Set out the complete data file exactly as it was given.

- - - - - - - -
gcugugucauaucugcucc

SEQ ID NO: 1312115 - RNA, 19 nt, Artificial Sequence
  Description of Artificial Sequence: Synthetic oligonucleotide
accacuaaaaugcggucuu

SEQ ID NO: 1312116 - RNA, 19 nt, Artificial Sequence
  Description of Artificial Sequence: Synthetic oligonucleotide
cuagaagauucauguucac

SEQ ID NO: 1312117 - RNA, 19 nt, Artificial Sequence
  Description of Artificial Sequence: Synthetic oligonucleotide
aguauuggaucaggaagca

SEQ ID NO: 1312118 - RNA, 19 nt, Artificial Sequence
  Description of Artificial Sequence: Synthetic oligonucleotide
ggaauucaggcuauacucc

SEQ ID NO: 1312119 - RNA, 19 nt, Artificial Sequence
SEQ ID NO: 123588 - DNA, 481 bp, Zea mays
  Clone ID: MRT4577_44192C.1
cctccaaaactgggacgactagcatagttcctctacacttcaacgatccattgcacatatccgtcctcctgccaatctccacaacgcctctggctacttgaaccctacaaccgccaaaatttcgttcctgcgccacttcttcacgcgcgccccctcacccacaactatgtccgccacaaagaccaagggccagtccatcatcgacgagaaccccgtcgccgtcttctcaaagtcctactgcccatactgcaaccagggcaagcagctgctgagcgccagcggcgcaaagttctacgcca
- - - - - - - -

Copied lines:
gcugugucauaucugcucc

SEQ ID NO: 1312115 - RNA, 19 nt, Artificial Sequence
  Description of Artificial Sequence: Synthetic oligonucleotide
accacuaaaaugcggucuu

SEQ ID NO: 1312116 - RNA, 19 nt, Artificial Sequence
  Description of Artificial Sequence: Synthetic oligonucleotide
cuagaagauucauguucac

SEQ ID NO: 1312117 - RNA, 19 nt, Artificial Sequence
  Description of Artificial Sequence: Synthetic oligonucleotide
aguauuggaucaggaagca

SEQ ID NO: 1312118 - RNA, 19 nt, Artificial Sequence
  Description of Artificial Sequence: Synthetic oligonucleotide
ggaauucaggcuauacucc

SEQ ID NO: 1312119 - RNA, 19 nt, Artificial Sequence
SEQ ID NO: 123588 - DNA, 481 bp, Zea mays
  Clone ID: MRT4577_44192C.1
cctccaaaactgggacgactagcatagttcctctacacttcaacgatccattgcacatatccgtcctcctgccaatctccacaacgcctctggctacttgaaccctacaaccgccaaaatttcgttcctgcgccacttcttcacgcgcgccccctcacccacaactatgtccgccacaaagaccaagggccagtccatcatcgacgagaaccccgtcgccgtcttctcaaagtcctactgcccatactgcaaccagggcaagcagctgctgagcgccagcggcgcaaagttctacgcca